By Lauren Brown
Burns Times-Herald

The Harney Basin Rural Fire Protection District is officially no more.

After seven months of meetings, phone surveys and soliciting signatures for the petition, the formation committee filed a request to withdraw the petition for the formation of the district during what was supposed to a hearing before the Harney County Court on Monday, June 2.

Committee Chairman Phil Kessinger started out by saying that the committee recently found out that the City of Hines clarified its position on serving the outer reaches of the fire district and that would make it impossible to go forward with putting the fire district on the November ballot.

Hines Mayor Ruth Schultz and Hines Fire Chief Bob Spence were both at the meeting. “You’ve got to draw the line somewhere,” Spence said. He noted that he felt the fire department simply wouldn’t be able to save any structures that were farther than 7.2 miles out of town. He also said that his primary duty was to the City of Hines, not the out reaches of the county.

“We just felt we couldn’t give the fire district a guarantee,” Schultz said.

Burns Fire Chief Bill Guindon agreed to a certain extent with Hines’ position. “Anything beyond six miles is pretty limited in what we can do in response,” he said. However, he said that as the fire district grew, certain things, such as satellite stations could be phased in.

Kessinger seemed a bit angry that Hines was only stating this position now and said they never formally told him about their decision. He said he happened to hear about it at the post office just last week.

In light of the recent development, he stated that the committee would be forced to withdraw the petition to create the fire district because there would be townships within the fire district boundary that would be impossible to service, and that, Kessinger said, violates Oregon statutes. He noted that the committee could try to redraw the boundary, but then there wouldn’t be enough of a tax base to support the district with the tax rate that had already been established.

“We’ve done everything we possibly could,” Kessinger said. He then read the committee’s official request to withdraw the petition.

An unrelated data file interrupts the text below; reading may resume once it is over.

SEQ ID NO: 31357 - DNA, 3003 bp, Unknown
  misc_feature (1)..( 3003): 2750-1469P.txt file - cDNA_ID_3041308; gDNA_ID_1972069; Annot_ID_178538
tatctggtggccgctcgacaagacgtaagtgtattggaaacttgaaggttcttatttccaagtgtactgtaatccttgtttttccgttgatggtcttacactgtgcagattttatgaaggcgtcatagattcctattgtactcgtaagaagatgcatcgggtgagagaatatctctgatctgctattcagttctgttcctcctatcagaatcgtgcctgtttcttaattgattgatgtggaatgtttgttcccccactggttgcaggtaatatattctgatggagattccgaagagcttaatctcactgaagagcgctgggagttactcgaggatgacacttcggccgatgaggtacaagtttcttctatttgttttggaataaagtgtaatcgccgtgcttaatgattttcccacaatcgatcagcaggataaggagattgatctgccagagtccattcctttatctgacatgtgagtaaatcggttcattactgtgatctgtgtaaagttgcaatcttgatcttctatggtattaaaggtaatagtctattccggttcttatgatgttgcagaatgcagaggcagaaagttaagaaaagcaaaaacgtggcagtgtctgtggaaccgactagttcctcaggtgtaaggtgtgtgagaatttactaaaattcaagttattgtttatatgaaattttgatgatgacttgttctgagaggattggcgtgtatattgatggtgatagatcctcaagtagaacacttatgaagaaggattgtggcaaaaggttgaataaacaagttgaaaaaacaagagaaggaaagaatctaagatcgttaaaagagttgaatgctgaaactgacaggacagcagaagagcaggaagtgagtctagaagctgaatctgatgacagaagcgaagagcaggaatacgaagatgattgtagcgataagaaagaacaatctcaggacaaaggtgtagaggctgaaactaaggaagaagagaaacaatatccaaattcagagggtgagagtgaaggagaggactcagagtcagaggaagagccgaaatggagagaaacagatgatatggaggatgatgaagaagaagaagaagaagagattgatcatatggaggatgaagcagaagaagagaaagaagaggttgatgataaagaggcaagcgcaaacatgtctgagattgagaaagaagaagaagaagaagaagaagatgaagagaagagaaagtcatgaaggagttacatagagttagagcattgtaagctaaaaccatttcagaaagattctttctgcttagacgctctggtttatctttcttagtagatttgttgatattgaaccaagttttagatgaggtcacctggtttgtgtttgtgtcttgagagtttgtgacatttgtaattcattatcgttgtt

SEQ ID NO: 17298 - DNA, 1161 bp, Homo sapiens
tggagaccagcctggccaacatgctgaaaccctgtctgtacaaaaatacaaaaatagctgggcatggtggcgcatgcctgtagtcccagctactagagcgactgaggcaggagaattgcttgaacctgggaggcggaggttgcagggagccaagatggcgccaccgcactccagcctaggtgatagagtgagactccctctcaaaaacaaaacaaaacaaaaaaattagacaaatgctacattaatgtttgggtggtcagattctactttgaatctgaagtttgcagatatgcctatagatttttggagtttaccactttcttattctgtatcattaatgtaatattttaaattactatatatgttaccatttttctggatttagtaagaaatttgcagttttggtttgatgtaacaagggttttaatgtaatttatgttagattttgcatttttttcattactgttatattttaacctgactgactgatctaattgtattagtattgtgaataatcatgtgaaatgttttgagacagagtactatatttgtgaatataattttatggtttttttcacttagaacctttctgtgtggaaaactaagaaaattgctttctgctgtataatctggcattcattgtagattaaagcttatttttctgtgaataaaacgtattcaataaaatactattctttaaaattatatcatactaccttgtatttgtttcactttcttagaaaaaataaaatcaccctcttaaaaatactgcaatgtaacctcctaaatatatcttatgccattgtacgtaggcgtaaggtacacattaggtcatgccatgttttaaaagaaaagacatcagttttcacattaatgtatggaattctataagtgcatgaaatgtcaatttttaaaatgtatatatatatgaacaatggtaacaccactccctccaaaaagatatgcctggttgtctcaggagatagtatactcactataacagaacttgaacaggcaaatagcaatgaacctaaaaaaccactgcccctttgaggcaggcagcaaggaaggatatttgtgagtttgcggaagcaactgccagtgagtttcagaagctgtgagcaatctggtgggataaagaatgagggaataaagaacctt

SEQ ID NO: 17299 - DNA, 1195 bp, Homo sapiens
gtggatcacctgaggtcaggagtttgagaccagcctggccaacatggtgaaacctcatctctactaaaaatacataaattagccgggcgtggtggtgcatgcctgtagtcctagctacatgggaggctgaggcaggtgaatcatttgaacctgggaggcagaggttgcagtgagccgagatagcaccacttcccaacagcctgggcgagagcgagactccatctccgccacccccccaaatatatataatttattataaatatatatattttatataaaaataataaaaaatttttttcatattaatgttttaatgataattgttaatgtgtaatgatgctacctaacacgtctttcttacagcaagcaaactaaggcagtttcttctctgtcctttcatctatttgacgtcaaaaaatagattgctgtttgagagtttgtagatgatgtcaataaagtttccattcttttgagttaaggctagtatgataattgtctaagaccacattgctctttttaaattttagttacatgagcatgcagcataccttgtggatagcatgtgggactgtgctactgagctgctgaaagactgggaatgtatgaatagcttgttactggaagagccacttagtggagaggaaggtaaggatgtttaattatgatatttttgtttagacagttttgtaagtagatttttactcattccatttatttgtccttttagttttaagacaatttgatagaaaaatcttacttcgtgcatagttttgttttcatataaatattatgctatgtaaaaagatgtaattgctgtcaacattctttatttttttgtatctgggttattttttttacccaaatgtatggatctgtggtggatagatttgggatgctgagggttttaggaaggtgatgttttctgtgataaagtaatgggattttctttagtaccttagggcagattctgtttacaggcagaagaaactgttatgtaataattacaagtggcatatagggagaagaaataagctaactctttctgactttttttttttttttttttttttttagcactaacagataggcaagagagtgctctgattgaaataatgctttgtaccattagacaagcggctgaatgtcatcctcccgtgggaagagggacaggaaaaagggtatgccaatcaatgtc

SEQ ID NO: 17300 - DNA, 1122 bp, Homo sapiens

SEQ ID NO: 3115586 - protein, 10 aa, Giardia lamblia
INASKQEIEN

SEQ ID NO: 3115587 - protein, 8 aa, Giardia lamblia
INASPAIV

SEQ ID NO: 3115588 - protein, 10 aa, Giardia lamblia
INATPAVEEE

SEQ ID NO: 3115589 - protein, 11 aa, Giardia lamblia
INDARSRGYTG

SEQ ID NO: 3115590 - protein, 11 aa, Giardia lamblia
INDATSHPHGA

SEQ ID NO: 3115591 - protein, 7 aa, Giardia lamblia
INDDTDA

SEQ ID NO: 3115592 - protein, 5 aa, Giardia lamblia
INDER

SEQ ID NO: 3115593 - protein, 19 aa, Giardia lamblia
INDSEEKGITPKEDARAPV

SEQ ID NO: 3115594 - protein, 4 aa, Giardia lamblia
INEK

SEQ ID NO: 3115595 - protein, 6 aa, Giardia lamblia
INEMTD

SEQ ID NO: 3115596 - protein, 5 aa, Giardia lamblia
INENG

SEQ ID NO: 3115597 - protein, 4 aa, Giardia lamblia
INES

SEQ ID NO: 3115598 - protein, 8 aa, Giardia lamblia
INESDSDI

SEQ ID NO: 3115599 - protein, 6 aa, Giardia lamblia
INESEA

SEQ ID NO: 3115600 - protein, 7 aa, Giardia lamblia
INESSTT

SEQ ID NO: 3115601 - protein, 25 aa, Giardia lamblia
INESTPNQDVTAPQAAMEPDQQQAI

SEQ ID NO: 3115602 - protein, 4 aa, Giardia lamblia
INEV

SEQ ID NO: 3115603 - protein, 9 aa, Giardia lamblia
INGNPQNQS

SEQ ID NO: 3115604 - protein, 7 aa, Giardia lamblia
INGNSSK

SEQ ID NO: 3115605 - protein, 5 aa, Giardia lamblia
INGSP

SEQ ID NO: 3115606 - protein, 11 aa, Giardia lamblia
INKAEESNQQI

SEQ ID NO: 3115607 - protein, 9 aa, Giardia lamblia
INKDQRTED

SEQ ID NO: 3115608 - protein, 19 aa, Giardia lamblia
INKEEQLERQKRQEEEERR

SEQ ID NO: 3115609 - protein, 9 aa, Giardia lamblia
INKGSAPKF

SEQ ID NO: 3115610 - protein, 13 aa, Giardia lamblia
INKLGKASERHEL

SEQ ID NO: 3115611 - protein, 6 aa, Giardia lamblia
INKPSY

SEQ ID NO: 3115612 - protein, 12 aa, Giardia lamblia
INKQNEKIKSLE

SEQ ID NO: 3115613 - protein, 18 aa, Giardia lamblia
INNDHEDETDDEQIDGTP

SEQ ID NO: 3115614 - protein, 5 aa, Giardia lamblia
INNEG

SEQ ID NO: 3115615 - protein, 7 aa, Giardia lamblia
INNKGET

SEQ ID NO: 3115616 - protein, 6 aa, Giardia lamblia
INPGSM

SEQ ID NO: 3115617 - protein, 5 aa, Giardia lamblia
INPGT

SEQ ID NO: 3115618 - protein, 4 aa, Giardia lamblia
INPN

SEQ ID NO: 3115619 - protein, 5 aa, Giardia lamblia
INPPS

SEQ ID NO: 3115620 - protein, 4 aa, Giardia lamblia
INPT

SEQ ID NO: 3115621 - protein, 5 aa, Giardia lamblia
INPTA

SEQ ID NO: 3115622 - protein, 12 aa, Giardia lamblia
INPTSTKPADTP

The county court moved to accept the committee’s decision to withdraw, and the motion passed unanimously. “I would have liked to have seen this move a step further and seen the people make the decision,” County Judge Steve Grasty said.

“This is unfortunate,” Commissioner Dan Nichols agreed. “It took a tremendous amount of effort. It’s a tough situation. I can wholly understand where the cities are coming from, too.”

The idea to create the rural fire district came about last year in October when the Burns City Council stated that it would not longer respond to fires outside the Burns city limits. The council extended rural fire coverage (as resources and staffing allow) to June 30 only because rural residents made impassioned pleas for more time. After June 30, the City of Burns has stated that it will not respond to fires outside the city limits, unless the council takes further action between now and then. Council members didn’t feel city taxpayers should have to foot the bill for county residents.

Since that decision, Burns City Fire Chief Guindon has said the city will respond to fires within a radius of six miles from the city limits.



One Response to “Rural fire district petition withdrawn”

  1. Bluto Says:

    I’ve been reading these fire district articles for some time now. My dyslexic mind has yet to define anything conclusive. Keep you fingers crossed and pray for a steady, solid rain.

    It was good to see Tim Smith write some words in the printed paper this week. He did what the quintessential politician does and did it well, filled the space with a number of words without saying anything of substance. I have to admire him tho, risking his own credibility and reputation with words he might regret later. Bravo! Maybe he’ll consider running as an independent if the democratic agenda doesn’t suit his vision, the game doesn’t have to be over yet?

    Tim’s cheerio thought wasn’t so simple. Seems he is worried about a changing social landscape and that, is what defines a conservative. Conservatives have lived the best years of their lives and desperately cling to the good old days, stubbornly resisting change like a mule. The American way of life as I see it is a path from cradle to grave. Simply, kids are forced into school for a number of years then forced into indentured servitude. Paying taxes on faith of hope and prayers, lucky to have social security catch them when they fall.

    It appears that he took a cheap shot at his imagined foes including the local newspaper. I don’t see the connection but for Debbie Raney’s counter point. She runs a hypothetical game show posing the age old problems that have plagued mankind since day one. Daring to take a position on one item, she is ruled safe to blame the “idiot” voters whom have no choice but to elect the wrong candidate.


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